A lack of career pathways and long-term contracts are driving a shortage of soil specialists in Australia, say industry experts.
Dr Jason Condon is an associate professor of soil science at Charles Sturt University, Wagga Wagga, with almost 30 years of industry experience, including more than 15 years spent researching soil and farming systems issues in the Mekong River Delta, Vietnam.
According to Dr Condon, interest in the field is high among students. However, few pursued the required extended study.
"Local graduates in the agricultural sector are in high demand, with many taking agronomy roles that need a good foundation of soils knowledge," he said.
"Due to this demand and the salaries that go with it, fewer people are going further with their studies and becoming skilled and qualified for soils research."
Dr Condon said an experienced and connected research workforce was essential to meet future challenges.
"As a sector, we need to create career pathways for soil specialists," he said.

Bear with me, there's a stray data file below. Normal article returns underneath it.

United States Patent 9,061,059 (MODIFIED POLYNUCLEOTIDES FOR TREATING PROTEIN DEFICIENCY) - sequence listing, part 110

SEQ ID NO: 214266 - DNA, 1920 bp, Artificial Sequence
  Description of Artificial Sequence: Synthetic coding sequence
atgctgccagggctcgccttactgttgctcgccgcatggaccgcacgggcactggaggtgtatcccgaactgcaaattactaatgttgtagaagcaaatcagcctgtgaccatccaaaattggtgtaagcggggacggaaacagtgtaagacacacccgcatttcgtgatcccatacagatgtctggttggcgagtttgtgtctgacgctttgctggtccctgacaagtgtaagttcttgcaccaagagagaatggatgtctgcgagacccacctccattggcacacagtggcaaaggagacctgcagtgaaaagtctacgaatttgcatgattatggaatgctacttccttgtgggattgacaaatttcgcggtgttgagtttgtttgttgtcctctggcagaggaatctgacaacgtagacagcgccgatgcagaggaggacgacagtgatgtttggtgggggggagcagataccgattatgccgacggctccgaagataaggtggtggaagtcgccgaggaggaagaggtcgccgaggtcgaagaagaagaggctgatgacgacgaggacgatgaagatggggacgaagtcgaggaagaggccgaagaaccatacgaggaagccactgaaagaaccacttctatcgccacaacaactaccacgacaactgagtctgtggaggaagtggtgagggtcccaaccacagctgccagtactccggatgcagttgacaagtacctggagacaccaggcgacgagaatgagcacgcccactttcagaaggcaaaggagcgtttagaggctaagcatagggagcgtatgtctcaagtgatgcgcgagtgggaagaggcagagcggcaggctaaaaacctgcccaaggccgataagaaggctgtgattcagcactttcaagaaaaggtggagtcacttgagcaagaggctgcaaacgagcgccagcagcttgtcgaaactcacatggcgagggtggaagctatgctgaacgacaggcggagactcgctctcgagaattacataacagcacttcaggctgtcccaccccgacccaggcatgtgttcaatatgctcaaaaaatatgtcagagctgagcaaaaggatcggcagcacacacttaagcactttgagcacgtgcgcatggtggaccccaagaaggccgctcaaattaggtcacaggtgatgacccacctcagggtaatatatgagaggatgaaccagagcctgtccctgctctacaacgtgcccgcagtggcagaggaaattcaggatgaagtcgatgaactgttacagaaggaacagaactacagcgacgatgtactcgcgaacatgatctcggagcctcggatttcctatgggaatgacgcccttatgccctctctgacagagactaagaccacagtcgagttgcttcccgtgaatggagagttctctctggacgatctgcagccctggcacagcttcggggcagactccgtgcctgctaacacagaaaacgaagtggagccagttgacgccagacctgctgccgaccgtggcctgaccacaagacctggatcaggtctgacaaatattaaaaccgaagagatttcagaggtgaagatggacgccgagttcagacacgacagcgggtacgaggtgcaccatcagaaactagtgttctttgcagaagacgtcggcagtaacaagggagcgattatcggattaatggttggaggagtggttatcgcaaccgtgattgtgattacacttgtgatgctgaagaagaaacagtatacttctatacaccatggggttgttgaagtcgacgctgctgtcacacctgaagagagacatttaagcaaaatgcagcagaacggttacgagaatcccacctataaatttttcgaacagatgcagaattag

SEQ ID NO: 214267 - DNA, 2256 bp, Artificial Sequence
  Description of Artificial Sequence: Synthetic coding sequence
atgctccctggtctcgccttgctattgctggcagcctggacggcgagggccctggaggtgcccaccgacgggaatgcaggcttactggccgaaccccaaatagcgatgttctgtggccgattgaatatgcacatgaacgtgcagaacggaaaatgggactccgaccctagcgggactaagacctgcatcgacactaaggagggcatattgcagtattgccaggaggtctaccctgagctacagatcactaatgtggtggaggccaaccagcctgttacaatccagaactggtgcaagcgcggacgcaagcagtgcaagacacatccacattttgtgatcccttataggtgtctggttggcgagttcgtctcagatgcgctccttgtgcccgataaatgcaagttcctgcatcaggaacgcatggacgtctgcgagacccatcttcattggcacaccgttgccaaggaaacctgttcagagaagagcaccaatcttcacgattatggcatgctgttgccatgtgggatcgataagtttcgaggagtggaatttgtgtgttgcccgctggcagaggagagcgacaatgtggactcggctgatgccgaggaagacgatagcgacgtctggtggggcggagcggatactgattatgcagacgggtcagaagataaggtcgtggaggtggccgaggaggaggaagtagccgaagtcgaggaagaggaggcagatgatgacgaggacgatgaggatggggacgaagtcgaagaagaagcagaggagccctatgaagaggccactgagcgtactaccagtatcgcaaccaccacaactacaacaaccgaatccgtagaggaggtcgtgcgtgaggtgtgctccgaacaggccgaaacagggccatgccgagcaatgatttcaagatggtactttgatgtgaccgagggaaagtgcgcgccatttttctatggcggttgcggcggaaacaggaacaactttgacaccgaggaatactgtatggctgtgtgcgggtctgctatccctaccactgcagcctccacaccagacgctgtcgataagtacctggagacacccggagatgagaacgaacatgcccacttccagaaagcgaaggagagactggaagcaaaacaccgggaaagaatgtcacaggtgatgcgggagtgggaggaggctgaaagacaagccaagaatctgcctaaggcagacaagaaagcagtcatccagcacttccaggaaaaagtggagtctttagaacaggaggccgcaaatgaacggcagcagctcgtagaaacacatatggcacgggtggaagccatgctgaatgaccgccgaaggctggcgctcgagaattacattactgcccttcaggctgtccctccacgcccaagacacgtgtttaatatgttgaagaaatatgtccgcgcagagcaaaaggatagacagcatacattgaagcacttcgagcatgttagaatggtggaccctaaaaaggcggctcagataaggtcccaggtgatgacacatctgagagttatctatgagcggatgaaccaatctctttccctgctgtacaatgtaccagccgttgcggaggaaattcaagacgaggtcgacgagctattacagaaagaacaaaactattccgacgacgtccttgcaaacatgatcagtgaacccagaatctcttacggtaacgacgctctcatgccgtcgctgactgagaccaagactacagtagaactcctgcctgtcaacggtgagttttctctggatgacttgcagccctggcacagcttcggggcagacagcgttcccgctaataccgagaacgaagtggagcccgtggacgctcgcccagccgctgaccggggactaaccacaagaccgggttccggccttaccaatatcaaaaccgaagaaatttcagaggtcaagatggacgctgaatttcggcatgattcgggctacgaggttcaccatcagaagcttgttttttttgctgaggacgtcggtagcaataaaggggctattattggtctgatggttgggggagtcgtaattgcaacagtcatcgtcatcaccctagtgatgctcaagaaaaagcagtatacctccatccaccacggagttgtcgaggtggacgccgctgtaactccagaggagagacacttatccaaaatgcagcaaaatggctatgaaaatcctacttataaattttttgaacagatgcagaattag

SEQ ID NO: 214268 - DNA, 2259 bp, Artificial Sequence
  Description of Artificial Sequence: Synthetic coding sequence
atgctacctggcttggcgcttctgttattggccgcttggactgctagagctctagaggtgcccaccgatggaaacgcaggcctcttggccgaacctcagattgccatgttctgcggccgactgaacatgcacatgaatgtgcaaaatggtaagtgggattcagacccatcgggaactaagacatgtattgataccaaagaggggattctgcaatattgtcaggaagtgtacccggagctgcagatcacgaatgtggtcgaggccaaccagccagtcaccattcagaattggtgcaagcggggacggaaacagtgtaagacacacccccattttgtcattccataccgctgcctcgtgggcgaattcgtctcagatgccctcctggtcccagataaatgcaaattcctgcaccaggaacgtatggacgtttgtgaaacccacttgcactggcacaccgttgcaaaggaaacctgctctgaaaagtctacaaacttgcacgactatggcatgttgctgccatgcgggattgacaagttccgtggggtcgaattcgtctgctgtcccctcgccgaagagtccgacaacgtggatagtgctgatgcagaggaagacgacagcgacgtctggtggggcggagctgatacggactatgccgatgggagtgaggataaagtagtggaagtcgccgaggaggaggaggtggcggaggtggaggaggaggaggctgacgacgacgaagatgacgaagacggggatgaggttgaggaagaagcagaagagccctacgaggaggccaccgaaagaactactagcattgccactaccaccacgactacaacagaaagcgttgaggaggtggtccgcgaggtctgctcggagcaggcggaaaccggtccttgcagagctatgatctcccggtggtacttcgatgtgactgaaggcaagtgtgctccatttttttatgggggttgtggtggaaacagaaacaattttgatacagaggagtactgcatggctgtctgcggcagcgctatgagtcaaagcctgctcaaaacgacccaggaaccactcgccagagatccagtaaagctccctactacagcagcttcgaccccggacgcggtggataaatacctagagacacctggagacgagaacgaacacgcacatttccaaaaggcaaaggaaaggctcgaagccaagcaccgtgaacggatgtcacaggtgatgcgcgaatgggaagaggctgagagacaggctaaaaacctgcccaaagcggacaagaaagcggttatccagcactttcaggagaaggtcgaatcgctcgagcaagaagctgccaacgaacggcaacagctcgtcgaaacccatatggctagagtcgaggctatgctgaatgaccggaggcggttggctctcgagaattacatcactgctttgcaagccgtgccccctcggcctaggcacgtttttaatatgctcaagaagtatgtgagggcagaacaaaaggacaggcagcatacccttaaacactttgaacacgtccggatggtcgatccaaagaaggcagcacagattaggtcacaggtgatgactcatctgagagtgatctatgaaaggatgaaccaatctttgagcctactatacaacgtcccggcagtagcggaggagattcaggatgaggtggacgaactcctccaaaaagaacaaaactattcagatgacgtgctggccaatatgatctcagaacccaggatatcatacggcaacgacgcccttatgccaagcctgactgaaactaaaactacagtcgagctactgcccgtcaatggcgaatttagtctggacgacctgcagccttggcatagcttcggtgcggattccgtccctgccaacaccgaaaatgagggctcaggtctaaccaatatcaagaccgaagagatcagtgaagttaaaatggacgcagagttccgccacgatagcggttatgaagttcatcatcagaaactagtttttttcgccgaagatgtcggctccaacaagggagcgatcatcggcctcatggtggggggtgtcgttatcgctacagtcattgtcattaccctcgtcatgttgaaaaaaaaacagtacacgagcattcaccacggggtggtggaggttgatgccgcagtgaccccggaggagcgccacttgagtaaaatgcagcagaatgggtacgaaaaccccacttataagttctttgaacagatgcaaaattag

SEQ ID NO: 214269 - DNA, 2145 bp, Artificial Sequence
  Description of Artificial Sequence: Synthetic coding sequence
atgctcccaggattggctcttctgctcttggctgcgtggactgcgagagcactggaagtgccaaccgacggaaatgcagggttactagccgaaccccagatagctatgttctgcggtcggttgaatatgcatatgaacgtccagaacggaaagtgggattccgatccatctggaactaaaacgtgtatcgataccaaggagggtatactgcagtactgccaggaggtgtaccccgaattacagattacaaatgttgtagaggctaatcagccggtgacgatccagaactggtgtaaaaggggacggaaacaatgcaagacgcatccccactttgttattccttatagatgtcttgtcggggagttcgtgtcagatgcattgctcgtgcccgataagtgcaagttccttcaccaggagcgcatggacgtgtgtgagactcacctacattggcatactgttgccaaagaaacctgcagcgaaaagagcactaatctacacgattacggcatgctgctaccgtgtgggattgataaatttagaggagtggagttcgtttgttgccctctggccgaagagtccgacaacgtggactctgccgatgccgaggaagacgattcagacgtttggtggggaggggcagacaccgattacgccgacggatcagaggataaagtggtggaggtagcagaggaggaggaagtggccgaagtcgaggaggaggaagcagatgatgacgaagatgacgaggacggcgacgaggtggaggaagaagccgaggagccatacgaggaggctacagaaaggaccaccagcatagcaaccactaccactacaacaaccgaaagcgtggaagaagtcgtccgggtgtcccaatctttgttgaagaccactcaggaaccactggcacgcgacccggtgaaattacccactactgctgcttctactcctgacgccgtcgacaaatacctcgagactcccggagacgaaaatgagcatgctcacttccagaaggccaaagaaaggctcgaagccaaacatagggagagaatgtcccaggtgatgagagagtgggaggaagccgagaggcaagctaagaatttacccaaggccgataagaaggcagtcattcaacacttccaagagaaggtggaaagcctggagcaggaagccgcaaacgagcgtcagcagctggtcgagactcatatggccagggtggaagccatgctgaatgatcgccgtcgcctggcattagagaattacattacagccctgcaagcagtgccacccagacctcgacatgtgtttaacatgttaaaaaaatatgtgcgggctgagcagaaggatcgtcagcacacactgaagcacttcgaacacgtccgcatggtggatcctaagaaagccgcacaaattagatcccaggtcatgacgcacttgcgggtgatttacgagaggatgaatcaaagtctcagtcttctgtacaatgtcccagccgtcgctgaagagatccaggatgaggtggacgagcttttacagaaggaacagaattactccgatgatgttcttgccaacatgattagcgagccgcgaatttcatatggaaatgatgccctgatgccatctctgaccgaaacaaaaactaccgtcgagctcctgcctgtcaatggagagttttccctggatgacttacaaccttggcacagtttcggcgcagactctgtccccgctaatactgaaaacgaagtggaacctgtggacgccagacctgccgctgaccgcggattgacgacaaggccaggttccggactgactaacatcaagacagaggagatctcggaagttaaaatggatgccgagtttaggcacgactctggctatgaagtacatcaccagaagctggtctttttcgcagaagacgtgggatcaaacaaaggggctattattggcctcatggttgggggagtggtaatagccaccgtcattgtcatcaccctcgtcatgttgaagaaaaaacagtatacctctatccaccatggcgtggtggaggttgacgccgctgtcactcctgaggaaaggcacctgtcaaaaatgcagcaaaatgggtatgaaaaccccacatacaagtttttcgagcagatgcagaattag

"There has been a tendency for soil research careers to exist on short-term contracts and sporadic opportunities.
"Government agencies and universities need to create programs that provide longer-term stability and 10-year contracts that scaffold and link short-term funded projects into significant portfolios.
"These will build support structures that allow emerging soil experts to develop valued experience and linkages within their industry so we have the best people working to solve the problems we face.
"We had that kind of system 30 years ago, but it has been lost amid 'economic efficiencies' and the 'three-year project' model."
Dr Condon said soil was the foundation of our existence.
"We live on it, eat food from it, clothe ourselves in fibres created by it, it filters our water, we look to it to sequester the carbon emitted into the atmosphere by our presence," he said.
"If we understand, respect and care for our soils, we go a long way to looking after our future."
Australian Centre for International Agricultural Research (ACIAR) CEO Professor Wendy Umberger also highlighted the importance of soil research at the Crawford Fund Forum, explaining 40 per cent of the globe's land was used for agriculture and that 52pc of that land was degraded.
"One of our growing areas of demand at ACIAR is work on soils," Prof Umberger said.
"Some countries don't know how to discuss climate, but they know soils are an issue, and we cannot get enough soil scientists to help carry out projects."